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Chart In Focus

Year-End VIX Plunge Coming

Chart In Focus
September 10, 2010

The rapid plunge in short term interest rates almost two years ago is finally about to matter for stock prices. 

One of the least understood aspects of Federal Reserve policy on interest rates is that there is a big lag time between their implementation and when the effect is seen in the economy.  It takes a while between the time a seed is planted and when it finally starts to grow into a plant.

Stock market volatility has been slowly coming down, and this is evident in the falling values for the CBOE Volatility Index (VIX).  A falling level for the VIX is generally associated with rising stock prices, and vice versa.  The illiquidity which leads to falling stock prices also drives up market volatility, as prices have to wander farther and faster to get to levels where liquidity can be found.

The really cool aspect about the VIX's movements is that we can model them 2 years in advance by looking at what short term interest rates are doing.  This week's chart compares 3-month T-Bill yields to the VIX, and the trick is that the interest rate plot is shifted forward by two years.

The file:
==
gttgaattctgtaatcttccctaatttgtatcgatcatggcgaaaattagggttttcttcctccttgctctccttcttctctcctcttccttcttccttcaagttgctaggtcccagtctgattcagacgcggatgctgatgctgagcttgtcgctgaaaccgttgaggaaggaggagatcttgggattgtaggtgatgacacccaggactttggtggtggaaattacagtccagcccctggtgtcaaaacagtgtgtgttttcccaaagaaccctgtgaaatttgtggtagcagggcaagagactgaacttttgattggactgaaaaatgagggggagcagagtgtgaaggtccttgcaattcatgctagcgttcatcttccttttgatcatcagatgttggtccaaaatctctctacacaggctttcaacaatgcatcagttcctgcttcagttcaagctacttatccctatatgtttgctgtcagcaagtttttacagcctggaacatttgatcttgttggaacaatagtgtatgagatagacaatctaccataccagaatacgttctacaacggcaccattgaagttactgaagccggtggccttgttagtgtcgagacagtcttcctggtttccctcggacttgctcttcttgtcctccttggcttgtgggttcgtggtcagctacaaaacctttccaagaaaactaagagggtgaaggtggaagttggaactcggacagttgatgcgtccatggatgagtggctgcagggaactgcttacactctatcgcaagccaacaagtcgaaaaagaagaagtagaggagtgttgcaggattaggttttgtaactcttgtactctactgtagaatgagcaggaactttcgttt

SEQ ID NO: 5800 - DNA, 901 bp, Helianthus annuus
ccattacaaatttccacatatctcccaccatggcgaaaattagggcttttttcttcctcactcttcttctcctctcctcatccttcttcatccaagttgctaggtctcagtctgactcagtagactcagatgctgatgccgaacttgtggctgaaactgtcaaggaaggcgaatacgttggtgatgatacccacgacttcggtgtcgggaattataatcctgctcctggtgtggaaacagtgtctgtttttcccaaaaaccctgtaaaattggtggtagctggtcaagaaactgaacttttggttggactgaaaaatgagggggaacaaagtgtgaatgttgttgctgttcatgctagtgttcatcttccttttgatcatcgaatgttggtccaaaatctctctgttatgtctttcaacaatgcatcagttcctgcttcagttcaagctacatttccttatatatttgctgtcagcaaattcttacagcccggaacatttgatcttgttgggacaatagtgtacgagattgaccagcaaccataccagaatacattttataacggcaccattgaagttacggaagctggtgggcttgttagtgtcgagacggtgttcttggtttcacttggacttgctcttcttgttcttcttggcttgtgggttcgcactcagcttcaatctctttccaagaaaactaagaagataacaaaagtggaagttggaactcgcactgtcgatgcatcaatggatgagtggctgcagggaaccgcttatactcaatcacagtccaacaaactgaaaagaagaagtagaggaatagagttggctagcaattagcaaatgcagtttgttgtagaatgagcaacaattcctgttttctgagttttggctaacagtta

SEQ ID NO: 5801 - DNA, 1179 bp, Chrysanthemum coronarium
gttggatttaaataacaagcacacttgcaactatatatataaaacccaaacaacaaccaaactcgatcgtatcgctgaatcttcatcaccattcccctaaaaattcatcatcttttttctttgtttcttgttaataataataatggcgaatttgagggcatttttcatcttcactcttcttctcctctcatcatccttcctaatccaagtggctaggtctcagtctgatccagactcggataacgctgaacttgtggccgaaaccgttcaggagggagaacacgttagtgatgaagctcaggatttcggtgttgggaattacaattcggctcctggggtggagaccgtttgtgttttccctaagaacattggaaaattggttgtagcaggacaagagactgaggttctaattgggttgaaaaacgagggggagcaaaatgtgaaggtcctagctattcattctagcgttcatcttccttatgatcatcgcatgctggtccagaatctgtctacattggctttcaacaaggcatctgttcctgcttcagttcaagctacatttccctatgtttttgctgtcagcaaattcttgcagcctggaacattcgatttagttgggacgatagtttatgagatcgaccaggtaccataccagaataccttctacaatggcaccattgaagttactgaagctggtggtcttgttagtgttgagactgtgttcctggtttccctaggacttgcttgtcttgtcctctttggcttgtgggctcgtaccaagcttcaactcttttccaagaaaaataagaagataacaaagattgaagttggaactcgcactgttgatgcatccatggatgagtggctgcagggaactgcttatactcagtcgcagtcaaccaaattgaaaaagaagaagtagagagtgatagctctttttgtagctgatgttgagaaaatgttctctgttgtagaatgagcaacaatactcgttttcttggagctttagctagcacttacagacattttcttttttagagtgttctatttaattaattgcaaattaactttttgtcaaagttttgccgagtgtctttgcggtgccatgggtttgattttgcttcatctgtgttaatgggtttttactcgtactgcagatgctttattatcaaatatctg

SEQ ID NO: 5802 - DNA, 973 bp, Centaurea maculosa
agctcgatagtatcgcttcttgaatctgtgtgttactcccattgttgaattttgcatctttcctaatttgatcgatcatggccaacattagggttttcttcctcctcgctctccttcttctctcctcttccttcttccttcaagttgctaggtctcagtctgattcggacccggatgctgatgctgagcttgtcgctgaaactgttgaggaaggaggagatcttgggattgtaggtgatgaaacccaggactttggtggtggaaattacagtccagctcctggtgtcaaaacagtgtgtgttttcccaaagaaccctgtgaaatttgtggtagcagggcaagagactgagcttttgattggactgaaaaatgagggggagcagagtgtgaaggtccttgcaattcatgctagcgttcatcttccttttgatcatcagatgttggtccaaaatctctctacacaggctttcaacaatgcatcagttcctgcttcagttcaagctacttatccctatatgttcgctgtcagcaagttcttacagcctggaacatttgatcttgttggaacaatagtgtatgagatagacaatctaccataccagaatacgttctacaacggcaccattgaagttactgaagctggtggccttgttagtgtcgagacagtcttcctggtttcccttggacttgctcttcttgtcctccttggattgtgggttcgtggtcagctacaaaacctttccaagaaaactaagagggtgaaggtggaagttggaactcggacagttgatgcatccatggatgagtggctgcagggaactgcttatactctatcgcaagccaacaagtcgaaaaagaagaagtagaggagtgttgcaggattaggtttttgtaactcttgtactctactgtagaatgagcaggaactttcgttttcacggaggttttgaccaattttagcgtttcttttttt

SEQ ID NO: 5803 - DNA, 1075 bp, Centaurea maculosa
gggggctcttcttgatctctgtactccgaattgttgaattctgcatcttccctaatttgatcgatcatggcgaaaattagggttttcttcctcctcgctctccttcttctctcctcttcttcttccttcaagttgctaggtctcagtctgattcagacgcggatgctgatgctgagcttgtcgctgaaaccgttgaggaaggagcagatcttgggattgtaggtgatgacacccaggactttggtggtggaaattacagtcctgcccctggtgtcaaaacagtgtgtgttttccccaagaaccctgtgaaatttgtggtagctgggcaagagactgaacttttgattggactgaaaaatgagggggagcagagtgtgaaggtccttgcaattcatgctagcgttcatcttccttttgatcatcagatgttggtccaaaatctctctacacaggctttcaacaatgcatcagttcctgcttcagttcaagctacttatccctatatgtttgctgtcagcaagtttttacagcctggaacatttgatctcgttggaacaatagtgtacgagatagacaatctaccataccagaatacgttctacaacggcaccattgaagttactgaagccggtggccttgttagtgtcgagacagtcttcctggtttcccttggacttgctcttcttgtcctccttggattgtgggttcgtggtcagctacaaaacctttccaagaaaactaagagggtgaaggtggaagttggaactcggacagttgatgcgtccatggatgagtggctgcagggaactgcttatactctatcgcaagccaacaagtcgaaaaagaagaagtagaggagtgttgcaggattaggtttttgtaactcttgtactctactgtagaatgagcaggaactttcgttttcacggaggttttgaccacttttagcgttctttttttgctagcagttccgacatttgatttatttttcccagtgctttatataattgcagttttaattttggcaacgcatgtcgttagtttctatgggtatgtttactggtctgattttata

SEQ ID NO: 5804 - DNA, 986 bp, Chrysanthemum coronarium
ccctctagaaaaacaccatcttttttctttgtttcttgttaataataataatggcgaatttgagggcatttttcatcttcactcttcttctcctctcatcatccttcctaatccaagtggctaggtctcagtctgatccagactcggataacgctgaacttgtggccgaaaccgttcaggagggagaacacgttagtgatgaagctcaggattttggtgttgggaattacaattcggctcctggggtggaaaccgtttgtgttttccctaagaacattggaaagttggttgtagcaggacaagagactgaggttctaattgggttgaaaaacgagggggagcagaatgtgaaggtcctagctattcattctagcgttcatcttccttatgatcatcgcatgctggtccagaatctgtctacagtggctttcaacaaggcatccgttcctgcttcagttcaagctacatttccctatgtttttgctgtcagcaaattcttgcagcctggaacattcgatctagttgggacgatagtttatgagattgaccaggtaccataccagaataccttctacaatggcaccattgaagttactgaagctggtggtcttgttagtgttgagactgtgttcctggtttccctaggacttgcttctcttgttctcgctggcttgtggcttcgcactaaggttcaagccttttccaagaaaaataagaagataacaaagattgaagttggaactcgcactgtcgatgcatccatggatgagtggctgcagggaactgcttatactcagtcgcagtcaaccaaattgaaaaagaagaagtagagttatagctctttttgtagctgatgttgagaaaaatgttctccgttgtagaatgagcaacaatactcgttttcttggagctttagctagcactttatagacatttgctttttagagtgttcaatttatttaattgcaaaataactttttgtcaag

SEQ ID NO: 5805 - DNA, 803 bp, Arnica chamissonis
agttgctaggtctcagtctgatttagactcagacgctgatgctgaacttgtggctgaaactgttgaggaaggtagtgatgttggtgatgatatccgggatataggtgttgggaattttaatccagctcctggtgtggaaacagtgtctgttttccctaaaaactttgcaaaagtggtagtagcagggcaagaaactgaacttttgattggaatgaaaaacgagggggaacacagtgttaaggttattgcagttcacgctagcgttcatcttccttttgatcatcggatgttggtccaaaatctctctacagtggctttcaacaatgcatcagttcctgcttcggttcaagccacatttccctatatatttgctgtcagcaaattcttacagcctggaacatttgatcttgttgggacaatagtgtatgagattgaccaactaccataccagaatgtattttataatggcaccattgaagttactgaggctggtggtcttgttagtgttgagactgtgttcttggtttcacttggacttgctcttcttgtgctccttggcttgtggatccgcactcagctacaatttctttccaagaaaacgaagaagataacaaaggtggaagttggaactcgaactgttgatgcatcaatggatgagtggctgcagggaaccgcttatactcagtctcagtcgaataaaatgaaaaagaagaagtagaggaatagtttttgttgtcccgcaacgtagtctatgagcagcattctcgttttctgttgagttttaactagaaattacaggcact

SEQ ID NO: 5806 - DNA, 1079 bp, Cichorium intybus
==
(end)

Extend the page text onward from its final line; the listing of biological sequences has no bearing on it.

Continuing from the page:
This charting technique of shifting one plot forward to see its leading indication for another is a principle we call Liquidity Waves.  It can be extraordinarily useful if one can identify two sets of data which share a lead-lag relationship.

The collapse of Lehman Brothers and other stock market problems led to the 3-month T-Bill yield falling close to zero beginning in September 2008.  Now two years later, we are about to experience the echo of that interest rate drop in the form of a VIX drop in the 4th quarter of 2010. 

The chart below looks at the same relationship, but zooms in closer to see the immediate forecast in greater detail.

The wild choppiness of interest rates in late 2008 implies that we will see some big movements in the VIX between now and November 2010.  But by the end of the year, this leading indication says that the VIX should be calmed down, and at lower levels than the low 20s we are seeing right now.  The implication of this is that the stock market should rise in concert with a VIX drop into December and beyond.  That idea fits nicely with the impending upturn for the stock market being forecasted by the Presidential Cycle Pattern, something which we discussed in the April 16 Chart In Focus, and which we recently updated for our paid newsletter subscribers. 

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Tom McClellan
Editor, The McClellan Market Report

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